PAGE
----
That aside, your version of god sounds less... divine, but more believable. And I must say this has been one of the most enjoyable discussions about Christianity I've had. Most Christians I meet are ill-informed about their own religion and can only parrot cyclical or 'reductio ad absurdum' arguments. I would have a whole lot more respect for the religion in general if they made more of a point to educate themselves about something that supposedly entails eternity in either hell or heaven. It seems like most Christians are just scared to look at their own roots deeply, like what they find might destroy their faith, and if it does, then what kind of faith is that.

Are you familiar with Origenes contra Celsus? As I recall Origenes basically said the same thing about God, and that was 'he's all powerful. Why should I be afraid of charges leveled against him? He can defend himself.' (I'm paraphrasing of course ; p)

ehbowen

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Re: Why do you believe in God?
« Reply #3 on: February 14, 2018, 01:24:52 pm »
So then sort of like Buddha, who comes in many manifestations as needed with the one and only goal of rescuing people from this burning world?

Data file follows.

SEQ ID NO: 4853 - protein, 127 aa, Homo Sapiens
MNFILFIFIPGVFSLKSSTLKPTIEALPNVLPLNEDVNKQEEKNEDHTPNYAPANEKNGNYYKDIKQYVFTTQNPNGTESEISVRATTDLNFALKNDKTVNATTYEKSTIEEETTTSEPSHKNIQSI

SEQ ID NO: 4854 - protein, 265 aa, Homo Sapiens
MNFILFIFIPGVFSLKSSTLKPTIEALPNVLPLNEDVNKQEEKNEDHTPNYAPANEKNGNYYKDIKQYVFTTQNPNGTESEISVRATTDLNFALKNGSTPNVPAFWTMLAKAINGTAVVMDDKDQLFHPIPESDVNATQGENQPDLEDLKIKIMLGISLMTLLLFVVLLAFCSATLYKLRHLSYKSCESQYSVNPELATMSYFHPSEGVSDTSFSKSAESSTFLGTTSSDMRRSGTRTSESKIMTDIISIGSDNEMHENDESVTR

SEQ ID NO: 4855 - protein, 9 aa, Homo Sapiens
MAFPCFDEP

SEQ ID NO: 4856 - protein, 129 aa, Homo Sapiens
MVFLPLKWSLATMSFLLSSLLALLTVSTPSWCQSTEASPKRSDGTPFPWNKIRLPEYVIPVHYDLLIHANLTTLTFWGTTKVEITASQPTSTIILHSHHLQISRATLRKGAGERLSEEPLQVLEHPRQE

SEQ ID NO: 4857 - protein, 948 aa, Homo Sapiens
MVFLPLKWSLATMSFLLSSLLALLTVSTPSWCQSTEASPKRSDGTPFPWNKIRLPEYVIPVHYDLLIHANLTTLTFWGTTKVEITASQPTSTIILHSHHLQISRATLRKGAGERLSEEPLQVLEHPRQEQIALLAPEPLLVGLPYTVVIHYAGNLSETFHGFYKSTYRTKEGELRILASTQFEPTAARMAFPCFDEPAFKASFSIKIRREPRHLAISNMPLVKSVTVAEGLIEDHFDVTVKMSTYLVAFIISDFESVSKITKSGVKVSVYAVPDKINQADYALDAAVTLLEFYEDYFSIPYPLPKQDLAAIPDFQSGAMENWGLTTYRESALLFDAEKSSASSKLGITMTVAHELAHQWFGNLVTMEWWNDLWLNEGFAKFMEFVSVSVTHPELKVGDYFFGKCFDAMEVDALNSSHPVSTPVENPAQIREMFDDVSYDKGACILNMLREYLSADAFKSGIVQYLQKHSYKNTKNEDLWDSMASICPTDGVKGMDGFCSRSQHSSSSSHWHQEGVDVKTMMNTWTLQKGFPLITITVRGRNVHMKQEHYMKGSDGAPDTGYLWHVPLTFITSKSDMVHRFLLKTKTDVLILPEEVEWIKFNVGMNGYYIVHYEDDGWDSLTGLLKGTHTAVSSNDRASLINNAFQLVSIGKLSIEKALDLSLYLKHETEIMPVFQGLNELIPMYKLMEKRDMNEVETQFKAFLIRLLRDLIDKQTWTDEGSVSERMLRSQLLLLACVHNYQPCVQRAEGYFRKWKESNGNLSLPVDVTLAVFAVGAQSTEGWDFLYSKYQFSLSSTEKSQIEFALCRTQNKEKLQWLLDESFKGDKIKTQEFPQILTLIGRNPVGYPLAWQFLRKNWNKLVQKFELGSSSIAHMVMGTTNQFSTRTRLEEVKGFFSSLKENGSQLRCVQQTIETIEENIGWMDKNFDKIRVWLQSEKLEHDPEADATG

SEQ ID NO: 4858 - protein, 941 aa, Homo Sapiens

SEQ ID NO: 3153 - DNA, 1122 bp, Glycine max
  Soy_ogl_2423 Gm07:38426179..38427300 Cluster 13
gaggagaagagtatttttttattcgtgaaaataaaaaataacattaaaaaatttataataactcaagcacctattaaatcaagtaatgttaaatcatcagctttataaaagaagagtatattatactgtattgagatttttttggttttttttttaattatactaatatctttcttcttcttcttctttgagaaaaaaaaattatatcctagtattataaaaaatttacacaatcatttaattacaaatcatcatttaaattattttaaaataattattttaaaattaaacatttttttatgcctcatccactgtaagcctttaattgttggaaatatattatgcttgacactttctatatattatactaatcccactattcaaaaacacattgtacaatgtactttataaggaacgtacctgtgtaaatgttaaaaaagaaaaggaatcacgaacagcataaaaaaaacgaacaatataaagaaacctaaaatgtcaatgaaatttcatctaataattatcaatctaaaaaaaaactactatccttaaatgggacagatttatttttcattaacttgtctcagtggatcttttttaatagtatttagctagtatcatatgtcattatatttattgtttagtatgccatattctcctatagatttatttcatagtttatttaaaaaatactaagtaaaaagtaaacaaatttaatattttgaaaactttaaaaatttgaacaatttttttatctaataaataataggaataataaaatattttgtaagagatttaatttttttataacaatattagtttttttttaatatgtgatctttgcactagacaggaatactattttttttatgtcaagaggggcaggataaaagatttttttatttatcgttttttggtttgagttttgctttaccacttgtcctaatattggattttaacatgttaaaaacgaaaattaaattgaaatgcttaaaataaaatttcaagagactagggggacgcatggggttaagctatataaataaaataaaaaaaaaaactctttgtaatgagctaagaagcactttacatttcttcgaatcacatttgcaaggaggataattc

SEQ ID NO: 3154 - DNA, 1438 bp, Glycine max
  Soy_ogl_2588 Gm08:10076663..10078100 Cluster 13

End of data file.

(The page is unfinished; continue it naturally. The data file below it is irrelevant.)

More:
I don't really know Buddha well enough to speak intelligently. But I've come to feel that the key to understanding how this universe really works is iteration and repetition. Somewhere, somewhen out there someone is seeing how events come together. If he doesn't like it, he hits the "undo" key and resets events to the beginning and tries to get them to come out more in his favor.

As long as we're talking "many manifestations" there is no consistency or direction to this crazy quilt. The key to resolving the issue for good and all is to set up a single, consistent solution which the Bad Guys have no way around. I think that a lot of possibilities have been tried and perhaps are still being tried. The one I am focused in upon is the person of Jesus Christ...and the rest of his family, with a personal emphasis on his baby sister.

It's not that events are predestined or predetermined in any way; there really is free will in the truest sense. The reason the past does not change is that all of our consciousnesses extend into the future...and, from the perspective of eternity to come, we see that there is no better solution than the one presently on the table. At least, IMNSHO.

That aside, your version of god sounds less... divine, but more believable.

Again, from what perspective? I believe that Reality takes shape in layers, and the fundamental background layer is that the God of the Bible is Sovereign over past, present, and future. But, yet, at the very same time, in one very pivotal layer he was human enough and vulnerable enough that he could be assaulted, arrested, and killed. Both are true at the same time.

My own believe is that omniscience, etc., is real...but that it is constantly developing as events progress. God is not static, he is dynamic and growing. But at the end of the process...the far end...knowledge is perfected, omniscience is perfect, and God will be all in all. And, since he transcends time, he is able from that point to reach back and sculpt events so that they converge in a way which will, ultimately, be perfect.